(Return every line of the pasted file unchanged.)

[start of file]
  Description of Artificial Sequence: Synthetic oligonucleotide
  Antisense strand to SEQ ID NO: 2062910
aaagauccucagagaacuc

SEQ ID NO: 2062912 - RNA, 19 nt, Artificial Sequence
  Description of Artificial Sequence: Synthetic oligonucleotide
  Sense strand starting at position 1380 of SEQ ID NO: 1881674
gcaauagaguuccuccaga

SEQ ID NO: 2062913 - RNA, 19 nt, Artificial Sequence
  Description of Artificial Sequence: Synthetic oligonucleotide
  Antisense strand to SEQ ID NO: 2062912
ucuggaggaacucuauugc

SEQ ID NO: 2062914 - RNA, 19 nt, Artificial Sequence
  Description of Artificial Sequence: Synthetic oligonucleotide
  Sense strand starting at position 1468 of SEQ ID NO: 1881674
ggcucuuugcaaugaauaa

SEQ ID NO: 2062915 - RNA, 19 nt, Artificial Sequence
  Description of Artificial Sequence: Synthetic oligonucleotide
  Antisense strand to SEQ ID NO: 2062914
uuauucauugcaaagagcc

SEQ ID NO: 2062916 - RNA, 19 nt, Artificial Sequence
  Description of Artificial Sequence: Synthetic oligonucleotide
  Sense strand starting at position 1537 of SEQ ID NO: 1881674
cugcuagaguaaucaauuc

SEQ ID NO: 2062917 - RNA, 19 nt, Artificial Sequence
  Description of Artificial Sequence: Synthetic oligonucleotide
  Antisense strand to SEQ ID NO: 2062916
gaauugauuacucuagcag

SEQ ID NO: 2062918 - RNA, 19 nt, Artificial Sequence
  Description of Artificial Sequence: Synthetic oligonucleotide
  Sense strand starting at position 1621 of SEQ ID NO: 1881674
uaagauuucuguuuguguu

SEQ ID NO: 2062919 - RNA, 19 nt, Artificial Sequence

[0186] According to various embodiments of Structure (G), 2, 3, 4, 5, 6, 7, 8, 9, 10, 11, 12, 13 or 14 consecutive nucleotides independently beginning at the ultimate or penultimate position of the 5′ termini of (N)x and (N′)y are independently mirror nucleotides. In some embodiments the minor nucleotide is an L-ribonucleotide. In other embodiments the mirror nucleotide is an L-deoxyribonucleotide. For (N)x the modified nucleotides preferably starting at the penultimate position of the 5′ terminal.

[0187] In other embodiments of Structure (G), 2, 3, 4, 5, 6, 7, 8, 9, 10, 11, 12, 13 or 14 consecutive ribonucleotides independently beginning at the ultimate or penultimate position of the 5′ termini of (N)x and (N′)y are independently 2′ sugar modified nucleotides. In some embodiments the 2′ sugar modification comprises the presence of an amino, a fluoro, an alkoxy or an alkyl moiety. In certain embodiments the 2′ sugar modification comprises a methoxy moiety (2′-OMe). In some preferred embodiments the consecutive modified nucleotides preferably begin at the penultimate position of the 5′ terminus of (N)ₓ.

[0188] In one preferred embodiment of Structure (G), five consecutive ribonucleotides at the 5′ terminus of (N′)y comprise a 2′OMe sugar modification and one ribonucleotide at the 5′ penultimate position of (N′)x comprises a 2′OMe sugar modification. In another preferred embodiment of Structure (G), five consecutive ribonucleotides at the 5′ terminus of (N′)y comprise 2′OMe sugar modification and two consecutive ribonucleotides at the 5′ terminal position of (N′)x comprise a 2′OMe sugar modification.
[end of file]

  Description of Artificial Sequence: Synthetic oligonucleotide
  Antisense strand to SEQ ID NO: 2062910
aaagauccucagagaacuc

SEQ ID NO: 2062912 - RNA, 19 nt, Artificial Sequence
  Description of Artificial Sequence: Synthetic oligonucleotide
  Sense strand starting at position 1380 of SEQ ID NO: 1881674
gcaauagaguuccuccaga

SEQ ID NO: 2062913 - RNA, 19 nt, Artificial Sequence
  Description of Artificial Sequence: Synthetic oligonucleotide
  Antisense strand to SEQ ID NO: 2062912
ucuggaggaacucuauugc

SEQ ID NO: 2062914 - RNA, 19 nt, Artificial Sequence
  Description of Artificial Sequence: Synthetic oligonucleotide
  Sense strand starting at position 1468 of SEQ ID NO: 1881674
ggcucuuugcaaugaauaa

SEQ ID NO: 2062915 - RNA, 19 nt, Artificial Sequence
  Description of Artificial Sequence: Synthetic oligonucleotide
  Antisense strand to SEQ ID NO: 2062914
uuauucauugcaaagagcc

SEQ ID NO: 2062916 - RNA, 19 nt, Artificial Sequence
  Description of Artificial Sequence: Synthetic oligonucleotide
  Sense strand starting at position 1537 of SEQ ID NO: 1881674
cugcuagaguaaucaauuc

SEQ ID NO: 2062917 - RNA, 19 nt, Artificial Sequence
  Description of Artificial Sequence: Synthetic oligonucleotide
  Antisense strand to SEQ ID NO: 2062916
gaauugauuacucuagcag

SEQ ID NO: 2062918 - RNA, 19 nt, Artificial Sequence
  Description of Artificial Sequence: Synthetic oligonucleotide
  Sense strand starting at position 1621 of SEQ ID NO: 1881674
uaagauuucuguuuguguu

SEQ ID NO: 2062919 - RNA, 19 nt, Artificial Sequence

[0186] According to various embodiments of Structure (G), 2, 3, 4, 5, 6, 7, 8, 9, 10, 11, 12, 13 or 14 consecutive nucleotides independently beginning at the ultimate or penultimate position of the 5′ termini of (N)x and (N′)y are independently mirror nucleotides. In some embodiments the minor nucleotide is an L-ribonucleotide. In other embodiments the mirror nucleotide is an L-deoxyribonucleotide. For (N)x the modified nucleotides preferably starting at the penultimate position of the 5′ terminal.

[0187] In other embodiments of Structure (G), 2, 3, 4, 5, 6, 7, 8, 9, 10, 11, 12, 13 or 14 consecutive ribonucleotides independently beginning at the ultimate or penultimate position of the 5′ termini of (N)x and (N′)y are independently 2′ sugar modified nucleotides. In some embodiments the 2′ sugar modification comprises the presence of an amino, a fluoro, an alkoxy or an alkyl moiety. In certain embodiments the 2′ sugar modification comprises a methoxy moiety (2′-OMe). In some preferred embodiments the consecutive modified nucleotides preferably begin at the penultimate position of the 5′ terminus of (N)ₓ.

[0188] In one preferred embodiment of Structure (G), five consecutive ribonucleotides at the 5′ terminus of (N′)y comprise a 2′OMe sugar modification and one ribonucleotide at the 5′ penultimate position of (N′)x comprises a 2′OMe sugar modification. In another preferred embodiment of Structure (G), five consecutive ribonucleotides at the 5′ terminus of (N′)y comprise 2′OMe sugar modification and two consecutive ribonucleotides at the 5′ terminal position of (N′)x comprise a 2′OMe sugar modification.